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demote domain controllers / editing group policy

Hi,

So, if you are doing a domain upgrade.  It is true to say that should demote old domain controllers within a short period of time?  like within a couple of months?

Doing so will allow you to raise the domain and forest functional levels to avail of the new features.  One example when upgrading from server 2003 would be DFS-R for sysvol.

When you are upgrading from server 2008 / 2008 R2 to server 2012 / 2012 R2, the benefits are elsewhere.

So when it comes to editing Group Policy, the advice is always to edit group policy using the latest version of the GPMC.  So if you were to introduce server 2012 / 2012 R2 member servers, you would need to use one of the member servers as your management station.  The downside here is that people could continue to use the Server 2008 / 2008 R2 GPMC and cause possible corruption of GPOs.  So if there is no technical reason to keep the old domain controllers, they should be demoted.  Users would the edit group policy from the new domain controllers only.
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cmatchett
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cmatchett
2 Solutions
 
Cliff GaliherCommented:
That is probably over-generalizing things quite a bit. Perhaps in a very small environment that is true in some cases. But in large environments, it is rare that all DCs are upgraded simultaneously. Like workstations, they are on a rolling upgrade cycle. So you will usually have a mix of versions.

It is a commonly accepted axiom that you can't solve all personnel problems with technology solutions. If you don't have strong access policies on who and how group policies are changed then solution isn't just making sure all DCs are new to avoid corruption. That addresses a symptom, but not the problem.

Conversely, if you have a documented process for making such cha goes, which should include a peer and management t review BEFORE implementation, and the process is rigorously followed, you'll avoid the symptom anyways, because admins aren't logging into older DCs. Or, ideally, into DCs at all (pass the hash mitigation.)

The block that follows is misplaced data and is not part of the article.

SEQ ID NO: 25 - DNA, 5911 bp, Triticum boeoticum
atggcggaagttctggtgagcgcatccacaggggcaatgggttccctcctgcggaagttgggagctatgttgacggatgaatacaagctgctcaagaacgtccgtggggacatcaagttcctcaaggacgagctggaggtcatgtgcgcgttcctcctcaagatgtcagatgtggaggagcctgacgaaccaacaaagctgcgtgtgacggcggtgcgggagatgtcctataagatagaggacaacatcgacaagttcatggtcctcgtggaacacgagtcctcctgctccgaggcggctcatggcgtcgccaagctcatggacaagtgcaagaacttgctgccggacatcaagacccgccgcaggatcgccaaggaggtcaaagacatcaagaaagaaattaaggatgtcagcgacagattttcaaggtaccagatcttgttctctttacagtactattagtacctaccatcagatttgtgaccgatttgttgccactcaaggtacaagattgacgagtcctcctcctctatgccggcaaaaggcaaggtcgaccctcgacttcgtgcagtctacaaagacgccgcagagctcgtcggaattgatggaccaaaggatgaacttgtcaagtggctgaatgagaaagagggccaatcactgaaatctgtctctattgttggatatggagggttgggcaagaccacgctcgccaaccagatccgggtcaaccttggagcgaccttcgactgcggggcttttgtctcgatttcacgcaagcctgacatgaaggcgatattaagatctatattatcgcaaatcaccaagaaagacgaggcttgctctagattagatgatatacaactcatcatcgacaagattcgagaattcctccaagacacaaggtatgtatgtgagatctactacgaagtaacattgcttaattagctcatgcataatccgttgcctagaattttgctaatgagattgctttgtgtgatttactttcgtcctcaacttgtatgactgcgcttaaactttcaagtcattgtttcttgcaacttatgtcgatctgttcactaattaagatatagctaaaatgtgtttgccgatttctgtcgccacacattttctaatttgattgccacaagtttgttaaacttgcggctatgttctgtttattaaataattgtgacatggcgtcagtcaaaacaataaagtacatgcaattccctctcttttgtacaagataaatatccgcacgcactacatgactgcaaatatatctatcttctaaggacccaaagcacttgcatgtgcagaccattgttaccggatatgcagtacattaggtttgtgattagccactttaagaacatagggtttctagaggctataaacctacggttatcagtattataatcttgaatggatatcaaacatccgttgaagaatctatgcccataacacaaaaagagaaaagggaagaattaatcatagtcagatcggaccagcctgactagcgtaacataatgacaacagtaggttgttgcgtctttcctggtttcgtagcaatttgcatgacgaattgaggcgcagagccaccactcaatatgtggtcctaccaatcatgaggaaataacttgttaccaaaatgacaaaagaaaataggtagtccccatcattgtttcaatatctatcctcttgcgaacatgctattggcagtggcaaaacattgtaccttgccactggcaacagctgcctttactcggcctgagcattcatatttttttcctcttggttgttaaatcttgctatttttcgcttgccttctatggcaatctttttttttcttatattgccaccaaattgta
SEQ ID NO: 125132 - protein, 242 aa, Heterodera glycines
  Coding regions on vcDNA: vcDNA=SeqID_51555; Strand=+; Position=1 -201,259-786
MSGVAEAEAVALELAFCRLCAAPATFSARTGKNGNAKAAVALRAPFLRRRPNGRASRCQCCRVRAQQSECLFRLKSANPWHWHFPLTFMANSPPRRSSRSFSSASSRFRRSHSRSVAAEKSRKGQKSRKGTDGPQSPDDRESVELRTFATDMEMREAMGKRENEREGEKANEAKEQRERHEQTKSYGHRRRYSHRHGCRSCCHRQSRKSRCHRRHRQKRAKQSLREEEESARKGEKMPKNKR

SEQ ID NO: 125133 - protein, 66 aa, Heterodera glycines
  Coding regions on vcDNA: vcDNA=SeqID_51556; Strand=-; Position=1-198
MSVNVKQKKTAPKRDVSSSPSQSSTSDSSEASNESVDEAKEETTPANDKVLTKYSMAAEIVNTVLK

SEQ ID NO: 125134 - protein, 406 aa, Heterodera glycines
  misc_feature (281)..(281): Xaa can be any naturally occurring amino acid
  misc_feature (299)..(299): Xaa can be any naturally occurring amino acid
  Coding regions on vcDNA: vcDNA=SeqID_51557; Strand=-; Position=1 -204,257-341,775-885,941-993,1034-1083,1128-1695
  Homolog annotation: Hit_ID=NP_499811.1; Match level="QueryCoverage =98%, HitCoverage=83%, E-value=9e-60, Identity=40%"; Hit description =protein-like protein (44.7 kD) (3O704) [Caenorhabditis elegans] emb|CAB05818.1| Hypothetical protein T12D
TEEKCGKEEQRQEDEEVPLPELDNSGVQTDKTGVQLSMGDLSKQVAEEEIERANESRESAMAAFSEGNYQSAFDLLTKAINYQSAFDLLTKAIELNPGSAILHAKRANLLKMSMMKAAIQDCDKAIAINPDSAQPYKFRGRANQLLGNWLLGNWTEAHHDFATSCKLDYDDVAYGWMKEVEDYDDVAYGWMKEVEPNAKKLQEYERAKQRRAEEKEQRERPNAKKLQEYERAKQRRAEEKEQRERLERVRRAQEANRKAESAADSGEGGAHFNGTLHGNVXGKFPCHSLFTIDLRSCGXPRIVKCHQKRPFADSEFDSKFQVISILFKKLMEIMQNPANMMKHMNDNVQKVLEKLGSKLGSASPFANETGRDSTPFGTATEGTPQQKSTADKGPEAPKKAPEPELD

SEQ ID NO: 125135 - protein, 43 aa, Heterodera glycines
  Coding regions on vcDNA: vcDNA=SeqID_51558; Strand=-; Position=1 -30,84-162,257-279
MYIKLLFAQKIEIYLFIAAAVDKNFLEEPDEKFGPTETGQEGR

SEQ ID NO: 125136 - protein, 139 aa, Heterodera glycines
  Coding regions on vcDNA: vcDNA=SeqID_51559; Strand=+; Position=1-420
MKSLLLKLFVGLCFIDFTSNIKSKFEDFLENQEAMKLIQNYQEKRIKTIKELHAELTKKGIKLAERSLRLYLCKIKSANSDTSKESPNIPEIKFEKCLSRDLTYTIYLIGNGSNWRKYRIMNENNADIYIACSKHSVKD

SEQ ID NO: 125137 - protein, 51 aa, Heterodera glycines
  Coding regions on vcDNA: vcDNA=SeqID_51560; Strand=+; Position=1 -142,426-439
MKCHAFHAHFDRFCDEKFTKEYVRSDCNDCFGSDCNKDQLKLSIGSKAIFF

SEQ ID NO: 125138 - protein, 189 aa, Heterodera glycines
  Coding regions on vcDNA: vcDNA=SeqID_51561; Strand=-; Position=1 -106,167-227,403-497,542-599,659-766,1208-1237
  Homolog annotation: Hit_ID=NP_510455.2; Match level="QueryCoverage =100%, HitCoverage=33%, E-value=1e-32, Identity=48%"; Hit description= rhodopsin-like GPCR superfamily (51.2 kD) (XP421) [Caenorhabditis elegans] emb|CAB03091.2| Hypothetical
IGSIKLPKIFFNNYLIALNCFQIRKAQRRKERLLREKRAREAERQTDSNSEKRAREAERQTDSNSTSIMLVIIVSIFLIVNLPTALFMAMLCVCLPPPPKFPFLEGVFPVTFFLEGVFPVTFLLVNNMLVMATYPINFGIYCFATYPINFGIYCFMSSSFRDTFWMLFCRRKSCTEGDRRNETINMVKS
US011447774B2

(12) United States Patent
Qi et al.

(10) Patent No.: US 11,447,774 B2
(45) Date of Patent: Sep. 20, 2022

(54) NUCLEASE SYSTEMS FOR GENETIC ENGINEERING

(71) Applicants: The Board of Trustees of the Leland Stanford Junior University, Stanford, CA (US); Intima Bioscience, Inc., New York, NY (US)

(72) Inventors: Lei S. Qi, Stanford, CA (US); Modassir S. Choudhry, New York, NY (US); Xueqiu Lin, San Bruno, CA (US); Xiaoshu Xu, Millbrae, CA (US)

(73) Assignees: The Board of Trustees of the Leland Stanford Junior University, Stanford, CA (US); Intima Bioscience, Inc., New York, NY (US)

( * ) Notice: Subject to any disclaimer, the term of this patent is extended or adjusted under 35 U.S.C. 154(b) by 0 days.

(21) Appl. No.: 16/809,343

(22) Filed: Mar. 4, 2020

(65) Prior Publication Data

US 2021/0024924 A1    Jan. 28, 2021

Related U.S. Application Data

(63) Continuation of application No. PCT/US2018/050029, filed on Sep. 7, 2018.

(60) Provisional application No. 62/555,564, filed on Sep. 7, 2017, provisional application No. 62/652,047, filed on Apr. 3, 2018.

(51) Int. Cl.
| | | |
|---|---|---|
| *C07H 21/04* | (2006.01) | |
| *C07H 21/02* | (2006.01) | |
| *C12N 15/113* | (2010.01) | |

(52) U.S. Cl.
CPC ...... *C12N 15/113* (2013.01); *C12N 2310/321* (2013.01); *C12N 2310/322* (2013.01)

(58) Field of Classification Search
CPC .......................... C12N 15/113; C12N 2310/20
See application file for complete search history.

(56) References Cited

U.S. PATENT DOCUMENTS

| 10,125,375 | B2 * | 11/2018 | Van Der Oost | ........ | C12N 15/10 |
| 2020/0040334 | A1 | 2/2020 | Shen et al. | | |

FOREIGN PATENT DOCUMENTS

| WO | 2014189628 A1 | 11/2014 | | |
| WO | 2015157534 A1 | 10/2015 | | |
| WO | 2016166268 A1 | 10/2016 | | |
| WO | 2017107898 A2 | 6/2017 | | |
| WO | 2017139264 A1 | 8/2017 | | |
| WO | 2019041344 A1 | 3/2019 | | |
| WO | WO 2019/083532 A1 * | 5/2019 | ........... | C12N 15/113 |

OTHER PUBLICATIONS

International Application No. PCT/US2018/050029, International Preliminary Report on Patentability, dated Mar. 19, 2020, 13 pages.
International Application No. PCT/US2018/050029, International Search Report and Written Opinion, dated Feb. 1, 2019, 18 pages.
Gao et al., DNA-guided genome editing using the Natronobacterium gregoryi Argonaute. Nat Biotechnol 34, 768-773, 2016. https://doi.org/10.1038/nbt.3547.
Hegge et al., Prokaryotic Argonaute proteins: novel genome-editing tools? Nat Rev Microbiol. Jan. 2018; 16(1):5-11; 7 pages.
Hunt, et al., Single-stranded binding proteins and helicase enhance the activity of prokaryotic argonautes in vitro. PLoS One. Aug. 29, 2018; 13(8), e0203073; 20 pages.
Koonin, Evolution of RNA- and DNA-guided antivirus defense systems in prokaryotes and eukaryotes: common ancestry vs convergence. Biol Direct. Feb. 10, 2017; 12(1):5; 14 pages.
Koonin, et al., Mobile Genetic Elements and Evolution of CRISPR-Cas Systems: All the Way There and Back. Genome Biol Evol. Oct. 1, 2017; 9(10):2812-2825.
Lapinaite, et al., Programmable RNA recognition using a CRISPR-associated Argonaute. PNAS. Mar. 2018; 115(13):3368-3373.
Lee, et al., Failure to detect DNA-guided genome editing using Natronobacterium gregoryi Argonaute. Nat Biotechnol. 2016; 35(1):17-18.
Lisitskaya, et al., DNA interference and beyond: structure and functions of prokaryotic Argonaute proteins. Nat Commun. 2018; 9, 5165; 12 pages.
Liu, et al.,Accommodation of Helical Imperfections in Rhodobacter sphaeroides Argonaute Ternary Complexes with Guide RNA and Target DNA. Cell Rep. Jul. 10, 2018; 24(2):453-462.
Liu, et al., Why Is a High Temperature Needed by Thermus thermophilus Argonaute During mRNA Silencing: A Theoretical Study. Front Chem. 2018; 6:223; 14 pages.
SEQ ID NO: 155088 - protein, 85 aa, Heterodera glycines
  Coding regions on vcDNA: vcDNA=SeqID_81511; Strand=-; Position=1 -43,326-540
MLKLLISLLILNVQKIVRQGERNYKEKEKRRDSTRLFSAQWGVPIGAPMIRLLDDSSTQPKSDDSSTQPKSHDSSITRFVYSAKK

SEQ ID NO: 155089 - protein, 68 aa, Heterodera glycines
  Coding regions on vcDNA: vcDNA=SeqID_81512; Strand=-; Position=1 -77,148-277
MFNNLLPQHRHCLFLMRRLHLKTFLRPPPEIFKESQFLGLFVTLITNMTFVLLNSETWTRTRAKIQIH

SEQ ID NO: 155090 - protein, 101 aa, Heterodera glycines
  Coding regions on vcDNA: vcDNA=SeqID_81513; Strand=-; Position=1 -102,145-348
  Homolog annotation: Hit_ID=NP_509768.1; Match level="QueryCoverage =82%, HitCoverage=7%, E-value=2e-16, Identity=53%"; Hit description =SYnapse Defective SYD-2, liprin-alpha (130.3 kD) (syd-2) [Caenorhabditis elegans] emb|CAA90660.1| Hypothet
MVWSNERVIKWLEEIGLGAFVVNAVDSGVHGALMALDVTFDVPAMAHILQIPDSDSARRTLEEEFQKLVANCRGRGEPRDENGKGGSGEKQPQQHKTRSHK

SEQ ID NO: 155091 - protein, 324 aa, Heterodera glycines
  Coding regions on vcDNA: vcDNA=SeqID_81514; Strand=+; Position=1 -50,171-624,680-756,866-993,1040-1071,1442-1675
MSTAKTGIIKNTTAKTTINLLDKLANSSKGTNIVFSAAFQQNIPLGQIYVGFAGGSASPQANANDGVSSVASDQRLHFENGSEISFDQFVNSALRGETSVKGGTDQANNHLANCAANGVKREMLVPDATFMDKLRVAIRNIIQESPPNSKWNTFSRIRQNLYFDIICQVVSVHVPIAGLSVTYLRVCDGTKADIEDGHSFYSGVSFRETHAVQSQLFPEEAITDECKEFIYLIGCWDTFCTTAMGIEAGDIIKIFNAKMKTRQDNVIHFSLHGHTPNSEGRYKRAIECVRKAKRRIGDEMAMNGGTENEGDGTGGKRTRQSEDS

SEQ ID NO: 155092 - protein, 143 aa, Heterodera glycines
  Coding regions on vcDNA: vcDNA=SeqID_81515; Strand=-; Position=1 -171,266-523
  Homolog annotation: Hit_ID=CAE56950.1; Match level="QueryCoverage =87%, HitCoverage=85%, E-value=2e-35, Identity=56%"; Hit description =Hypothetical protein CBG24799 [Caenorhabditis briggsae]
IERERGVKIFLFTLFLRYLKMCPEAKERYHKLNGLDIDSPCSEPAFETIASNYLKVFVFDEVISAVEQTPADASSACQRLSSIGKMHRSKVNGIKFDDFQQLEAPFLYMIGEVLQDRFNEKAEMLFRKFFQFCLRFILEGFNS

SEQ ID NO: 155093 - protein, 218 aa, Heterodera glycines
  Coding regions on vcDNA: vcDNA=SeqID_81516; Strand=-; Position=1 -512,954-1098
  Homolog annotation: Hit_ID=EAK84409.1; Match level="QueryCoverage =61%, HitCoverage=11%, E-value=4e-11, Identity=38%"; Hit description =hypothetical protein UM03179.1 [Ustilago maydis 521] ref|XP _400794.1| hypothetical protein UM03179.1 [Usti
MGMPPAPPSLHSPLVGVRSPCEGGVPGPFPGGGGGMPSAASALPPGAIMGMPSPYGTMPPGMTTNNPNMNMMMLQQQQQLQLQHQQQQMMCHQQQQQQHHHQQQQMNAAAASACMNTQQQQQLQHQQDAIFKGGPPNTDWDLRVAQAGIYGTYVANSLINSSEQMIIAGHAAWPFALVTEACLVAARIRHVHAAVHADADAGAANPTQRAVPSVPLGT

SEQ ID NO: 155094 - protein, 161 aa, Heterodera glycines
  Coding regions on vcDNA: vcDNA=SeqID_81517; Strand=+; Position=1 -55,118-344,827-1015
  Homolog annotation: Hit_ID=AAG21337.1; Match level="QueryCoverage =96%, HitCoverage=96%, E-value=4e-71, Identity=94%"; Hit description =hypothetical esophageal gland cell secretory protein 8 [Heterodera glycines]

At the very least, I recommend grabbing a small easy-to-read book called the E-Myth revisited. Very applicable to the IT Pro industry.
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cmatchettAuthor Commented:
so if i had 10 domain controllers across 10 sites for example.  Say if i had identified DFS-R for sysvol to solve all my issues, i would aim to upgrade all my domain controllers as quickly as possible to then allow me to gain access to this feature.

I could understand taking longer to upgrade the domain controllers if u were in no rush to avail of any of the new features.

Say i was migrating to 2012 R2 and i wanted to manage the group policy settings of these member servers and also windows 8.1 clients.  My preference would be to update the domain controllers and use the new gpmc from the domain controllers.  To avoid any issues with corrupt GPOs, i would again aim to upgrade the 10 domain controllers as quickly as possible.
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David Johnson, CD, MVPOwnerCommented:
Say i was migrating to 2012 R2 and i wanted to manage the group policy settings of these member servers and also windows 8.1 clients.  My preference would be to update the domain controllers and use the new gpmc from the domain controllers.  To avoid any issues with corrupt GPOs, i would again aim to upgrade the 10 domain controllers as quickly as possible.

remove the group policy editor rsat tool from all but the 2012 domain controllers
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Cliff GaliherCommented:
If you wanted DFS-R for replication then yes, you'd need to upgrade your 2003 DCs. 2003 R2 and above already support DFS-R. So that is an example of a rolling upgrade. You'd only need to upgrade your oldest DCs.

As for editing group policies. All you need is am 8.1 workstation with RSAT. I see no reason to rush and upgrade all ten DCs for this scenario.
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Mohammed KhawajaCommented:
I agree.  It is not common or best practice to be logging on to the server to manage things such as DHCP, DNS, GPMC, etc., all you need is RSAT tools installed on a workstation.  I manage a large environment and I rarely logon to the servers to perform management tasks.
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cmatchettAuthor Commented:
excellent
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